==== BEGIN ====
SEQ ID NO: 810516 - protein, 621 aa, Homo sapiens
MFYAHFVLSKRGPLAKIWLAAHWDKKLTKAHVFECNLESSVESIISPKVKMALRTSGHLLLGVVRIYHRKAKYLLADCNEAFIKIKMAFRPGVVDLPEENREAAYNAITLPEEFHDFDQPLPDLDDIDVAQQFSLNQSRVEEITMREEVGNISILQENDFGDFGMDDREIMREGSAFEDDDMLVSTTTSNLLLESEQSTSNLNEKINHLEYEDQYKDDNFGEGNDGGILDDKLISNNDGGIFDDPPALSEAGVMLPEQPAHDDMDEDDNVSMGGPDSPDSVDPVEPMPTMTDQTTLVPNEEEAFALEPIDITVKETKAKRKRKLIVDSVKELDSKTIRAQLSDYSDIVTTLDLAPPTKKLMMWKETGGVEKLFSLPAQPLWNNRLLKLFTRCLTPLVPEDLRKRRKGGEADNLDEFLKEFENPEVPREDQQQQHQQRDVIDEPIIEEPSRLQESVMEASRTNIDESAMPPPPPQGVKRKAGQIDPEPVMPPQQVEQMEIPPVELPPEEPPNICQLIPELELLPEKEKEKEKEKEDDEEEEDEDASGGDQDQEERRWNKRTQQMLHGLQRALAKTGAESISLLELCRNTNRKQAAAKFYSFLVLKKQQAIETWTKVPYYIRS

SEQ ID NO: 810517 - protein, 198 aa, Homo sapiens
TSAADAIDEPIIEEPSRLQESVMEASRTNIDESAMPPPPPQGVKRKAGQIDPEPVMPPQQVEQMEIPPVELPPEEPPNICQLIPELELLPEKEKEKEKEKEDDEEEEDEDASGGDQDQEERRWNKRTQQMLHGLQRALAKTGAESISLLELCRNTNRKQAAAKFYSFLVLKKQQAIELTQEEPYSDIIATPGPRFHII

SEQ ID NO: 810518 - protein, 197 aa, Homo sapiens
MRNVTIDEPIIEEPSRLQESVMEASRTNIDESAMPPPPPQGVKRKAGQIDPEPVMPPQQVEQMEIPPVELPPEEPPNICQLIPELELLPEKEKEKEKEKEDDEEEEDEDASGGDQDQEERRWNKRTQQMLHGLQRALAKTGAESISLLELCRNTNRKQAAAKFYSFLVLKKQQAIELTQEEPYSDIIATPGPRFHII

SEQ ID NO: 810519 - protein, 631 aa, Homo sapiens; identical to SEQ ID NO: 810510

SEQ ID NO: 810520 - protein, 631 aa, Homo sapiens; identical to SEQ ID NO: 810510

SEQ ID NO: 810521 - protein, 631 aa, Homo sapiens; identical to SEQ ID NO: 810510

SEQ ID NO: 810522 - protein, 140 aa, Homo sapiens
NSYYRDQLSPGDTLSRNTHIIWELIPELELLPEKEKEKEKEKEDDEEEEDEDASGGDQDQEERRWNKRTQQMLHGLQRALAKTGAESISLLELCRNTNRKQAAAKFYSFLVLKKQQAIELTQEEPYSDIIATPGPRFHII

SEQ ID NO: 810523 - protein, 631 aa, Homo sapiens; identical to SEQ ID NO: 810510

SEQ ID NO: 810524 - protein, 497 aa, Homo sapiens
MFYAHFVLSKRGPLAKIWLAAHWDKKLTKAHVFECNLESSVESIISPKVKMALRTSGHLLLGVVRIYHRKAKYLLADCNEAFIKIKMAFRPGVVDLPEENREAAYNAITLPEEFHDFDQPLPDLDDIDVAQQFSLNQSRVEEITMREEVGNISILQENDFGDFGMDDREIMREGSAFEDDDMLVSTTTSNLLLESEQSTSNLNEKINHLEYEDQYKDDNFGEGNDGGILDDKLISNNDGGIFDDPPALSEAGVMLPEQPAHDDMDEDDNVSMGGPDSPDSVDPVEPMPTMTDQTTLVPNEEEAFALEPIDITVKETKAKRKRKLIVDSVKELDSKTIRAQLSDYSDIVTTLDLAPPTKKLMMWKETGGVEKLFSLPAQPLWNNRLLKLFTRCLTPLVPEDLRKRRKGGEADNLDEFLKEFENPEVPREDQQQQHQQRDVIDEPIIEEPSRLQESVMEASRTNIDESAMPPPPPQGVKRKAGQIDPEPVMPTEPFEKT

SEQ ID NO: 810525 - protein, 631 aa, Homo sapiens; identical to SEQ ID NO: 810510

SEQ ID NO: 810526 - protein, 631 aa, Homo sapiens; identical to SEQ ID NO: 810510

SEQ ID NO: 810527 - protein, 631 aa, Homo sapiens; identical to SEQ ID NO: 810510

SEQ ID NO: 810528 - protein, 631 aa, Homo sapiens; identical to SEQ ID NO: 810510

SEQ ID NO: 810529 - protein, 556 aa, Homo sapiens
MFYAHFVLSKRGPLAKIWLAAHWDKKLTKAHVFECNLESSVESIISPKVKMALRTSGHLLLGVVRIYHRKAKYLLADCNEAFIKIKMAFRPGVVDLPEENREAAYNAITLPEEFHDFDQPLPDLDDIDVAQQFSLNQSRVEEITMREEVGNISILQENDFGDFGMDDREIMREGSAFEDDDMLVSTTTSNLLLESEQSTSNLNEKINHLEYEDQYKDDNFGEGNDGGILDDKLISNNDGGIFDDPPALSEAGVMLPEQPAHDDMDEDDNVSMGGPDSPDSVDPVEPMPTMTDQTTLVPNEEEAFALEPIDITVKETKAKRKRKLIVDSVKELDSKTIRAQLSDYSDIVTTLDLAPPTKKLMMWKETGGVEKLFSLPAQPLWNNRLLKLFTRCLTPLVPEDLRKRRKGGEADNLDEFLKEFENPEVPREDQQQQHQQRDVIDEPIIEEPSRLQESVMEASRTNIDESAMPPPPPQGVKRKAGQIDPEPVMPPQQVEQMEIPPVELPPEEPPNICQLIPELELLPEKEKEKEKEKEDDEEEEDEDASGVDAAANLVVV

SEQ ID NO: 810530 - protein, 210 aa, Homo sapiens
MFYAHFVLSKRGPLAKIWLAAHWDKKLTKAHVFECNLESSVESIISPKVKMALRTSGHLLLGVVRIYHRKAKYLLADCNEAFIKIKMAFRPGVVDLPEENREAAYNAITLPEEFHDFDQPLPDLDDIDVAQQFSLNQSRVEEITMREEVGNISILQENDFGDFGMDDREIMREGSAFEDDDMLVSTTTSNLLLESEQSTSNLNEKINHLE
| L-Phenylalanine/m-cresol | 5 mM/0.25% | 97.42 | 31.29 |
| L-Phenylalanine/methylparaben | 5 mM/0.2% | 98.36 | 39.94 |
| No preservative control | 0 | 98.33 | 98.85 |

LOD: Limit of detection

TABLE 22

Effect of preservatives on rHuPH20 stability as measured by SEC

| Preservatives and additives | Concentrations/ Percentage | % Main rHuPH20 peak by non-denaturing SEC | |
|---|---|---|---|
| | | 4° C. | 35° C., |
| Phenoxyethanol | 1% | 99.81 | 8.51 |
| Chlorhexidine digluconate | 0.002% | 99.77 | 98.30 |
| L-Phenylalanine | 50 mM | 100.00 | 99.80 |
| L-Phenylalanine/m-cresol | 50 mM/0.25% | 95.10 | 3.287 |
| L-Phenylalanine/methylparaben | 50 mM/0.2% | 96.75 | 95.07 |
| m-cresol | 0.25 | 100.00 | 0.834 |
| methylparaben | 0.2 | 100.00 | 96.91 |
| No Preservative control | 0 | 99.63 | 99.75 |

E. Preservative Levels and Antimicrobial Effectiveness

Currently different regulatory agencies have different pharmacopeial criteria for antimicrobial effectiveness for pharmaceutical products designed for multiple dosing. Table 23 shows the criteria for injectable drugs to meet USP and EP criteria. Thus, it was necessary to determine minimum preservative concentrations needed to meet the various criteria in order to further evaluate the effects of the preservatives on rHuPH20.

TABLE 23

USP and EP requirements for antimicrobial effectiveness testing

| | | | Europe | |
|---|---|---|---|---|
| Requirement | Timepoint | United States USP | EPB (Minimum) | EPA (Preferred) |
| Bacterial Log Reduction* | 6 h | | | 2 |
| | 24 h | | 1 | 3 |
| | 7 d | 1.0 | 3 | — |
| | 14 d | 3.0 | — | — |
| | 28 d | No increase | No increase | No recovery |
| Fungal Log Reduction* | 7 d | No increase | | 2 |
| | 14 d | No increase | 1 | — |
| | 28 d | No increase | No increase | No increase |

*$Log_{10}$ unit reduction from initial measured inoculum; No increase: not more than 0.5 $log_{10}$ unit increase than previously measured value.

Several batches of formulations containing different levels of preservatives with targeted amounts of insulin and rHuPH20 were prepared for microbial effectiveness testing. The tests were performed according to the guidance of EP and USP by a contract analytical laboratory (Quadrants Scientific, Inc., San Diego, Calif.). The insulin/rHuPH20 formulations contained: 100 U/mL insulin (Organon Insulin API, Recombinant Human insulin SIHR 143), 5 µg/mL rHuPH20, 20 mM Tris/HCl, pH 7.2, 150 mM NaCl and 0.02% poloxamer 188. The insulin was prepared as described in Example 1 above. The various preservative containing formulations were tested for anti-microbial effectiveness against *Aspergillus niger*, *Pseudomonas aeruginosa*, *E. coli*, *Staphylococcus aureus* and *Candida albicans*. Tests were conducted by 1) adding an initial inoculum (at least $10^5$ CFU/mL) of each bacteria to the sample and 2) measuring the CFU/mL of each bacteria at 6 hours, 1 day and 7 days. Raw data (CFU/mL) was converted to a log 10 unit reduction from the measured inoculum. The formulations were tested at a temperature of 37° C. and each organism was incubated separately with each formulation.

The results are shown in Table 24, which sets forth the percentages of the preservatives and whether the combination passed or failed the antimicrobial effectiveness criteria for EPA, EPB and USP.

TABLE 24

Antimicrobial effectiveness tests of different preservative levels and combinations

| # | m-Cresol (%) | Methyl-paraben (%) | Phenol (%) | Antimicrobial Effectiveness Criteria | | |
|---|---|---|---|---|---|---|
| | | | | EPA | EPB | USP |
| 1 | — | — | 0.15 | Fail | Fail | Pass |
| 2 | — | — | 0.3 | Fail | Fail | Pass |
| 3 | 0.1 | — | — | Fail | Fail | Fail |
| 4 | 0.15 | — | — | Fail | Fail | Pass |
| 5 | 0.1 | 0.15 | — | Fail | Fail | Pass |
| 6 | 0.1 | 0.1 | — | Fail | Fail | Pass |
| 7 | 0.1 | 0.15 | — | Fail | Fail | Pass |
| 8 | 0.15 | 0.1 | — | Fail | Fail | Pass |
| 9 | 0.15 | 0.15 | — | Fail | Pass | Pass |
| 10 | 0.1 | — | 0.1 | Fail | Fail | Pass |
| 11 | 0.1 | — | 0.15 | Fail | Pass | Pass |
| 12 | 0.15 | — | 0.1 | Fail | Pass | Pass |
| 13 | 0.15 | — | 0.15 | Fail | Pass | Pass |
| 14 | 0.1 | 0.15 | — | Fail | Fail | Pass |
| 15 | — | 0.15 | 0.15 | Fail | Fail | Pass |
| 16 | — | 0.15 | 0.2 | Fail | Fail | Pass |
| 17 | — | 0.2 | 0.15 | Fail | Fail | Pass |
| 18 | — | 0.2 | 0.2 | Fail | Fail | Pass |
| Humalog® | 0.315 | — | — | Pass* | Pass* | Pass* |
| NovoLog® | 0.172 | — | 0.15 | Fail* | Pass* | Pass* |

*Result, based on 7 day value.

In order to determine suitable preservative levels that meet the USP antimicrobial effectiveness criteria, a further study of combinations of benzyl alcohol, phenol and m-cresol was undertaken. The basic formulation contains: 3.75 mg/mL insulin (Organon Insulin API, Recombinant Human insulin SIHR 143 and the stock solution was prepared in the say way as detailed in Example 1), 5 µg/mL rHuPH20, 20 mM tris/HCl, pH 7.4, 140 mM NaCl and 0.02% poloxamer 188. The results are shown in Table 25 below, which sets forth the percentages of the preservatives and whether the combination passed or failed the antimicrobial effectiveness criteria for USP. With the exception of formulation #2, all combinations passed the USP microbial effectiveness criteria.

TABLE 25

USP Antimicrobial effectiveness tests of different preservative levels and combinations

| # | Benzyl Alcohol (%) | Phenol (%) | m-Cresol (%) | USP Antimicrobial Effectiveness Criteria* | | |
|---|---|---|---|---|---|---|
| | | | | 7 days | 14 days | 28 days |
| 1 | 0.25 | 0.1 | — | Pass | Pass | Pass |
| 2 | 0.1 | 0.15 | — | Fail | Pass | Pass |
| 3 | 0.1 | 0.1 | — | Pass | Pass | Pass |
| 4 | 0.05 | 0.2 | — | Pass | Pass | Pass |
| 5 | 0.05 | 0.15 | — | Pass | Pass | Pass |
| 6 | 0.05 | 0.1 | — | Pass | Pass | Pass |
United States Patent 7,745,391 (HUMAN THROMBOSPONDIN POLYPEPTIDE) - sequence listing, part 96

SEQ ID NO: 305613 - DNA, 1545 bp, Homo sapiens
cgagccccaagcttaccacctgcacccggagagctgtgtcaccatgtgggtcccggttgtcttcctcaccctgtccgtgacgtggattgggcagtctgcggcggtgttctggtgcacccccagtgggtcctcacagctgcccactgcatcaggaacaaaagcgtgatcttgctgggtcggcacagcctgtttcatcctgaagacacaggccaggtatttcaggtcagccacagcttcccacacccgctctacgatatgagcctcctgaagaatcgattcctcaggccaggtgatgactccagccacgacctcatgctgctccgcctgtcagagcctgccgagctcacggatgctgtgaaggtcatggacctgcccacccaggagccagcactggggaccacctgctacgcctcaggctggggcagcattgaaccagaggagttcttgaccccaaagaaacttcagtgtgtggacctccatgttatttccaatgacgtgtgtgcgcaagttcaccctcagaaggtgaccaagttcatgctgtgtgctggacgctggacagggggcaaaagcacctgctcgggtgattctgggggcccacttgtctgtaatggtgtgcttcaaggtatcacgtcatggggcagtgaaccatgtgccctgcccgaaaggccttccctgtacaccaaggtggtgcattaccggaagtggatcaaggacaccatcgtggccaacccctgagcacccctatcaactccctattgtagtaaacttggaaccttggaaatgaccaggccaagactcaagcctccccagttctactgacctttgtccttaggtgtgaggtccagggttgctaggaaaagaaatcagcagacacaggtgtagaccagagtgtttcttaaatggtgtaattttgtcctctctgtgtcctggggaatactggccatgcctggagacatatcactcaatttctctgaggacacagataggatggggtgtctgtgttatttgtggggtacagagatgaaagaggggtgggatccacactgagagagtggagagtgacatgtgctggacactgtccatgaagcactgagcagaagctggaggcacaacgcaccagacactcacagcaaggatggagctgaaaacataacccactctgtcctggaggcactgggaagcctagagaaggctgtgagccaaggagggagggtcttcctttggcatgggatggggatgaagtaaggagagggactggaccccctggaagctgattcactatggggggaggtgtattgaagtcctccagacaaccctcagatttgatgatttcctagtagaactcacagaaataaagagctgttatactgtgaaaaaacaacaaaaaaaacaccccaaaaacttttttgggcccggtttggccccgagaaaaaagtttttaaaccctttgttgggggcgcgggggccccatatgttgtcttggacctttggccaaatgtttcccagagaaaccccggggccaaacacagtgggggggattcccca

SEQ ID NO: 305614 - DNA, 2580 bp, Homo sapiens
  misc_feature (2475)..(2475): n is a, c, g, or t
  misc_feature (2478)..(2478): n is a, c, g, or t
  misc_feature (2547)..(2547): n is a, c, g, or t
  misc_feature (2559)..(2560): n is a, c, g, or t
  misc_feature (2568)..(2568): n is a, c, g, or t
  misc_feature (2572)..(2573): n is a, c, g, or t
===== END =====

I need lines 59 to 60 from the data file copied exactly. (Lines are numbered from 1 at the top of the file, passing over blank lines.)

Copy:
Antimicrobial effectiveness tests of different preservative levels and combinations

| # | m-Cresol (%) | Methyl-paraben (%) | Phenol (%) | Antimicrobial Effectiveness Criteria | | |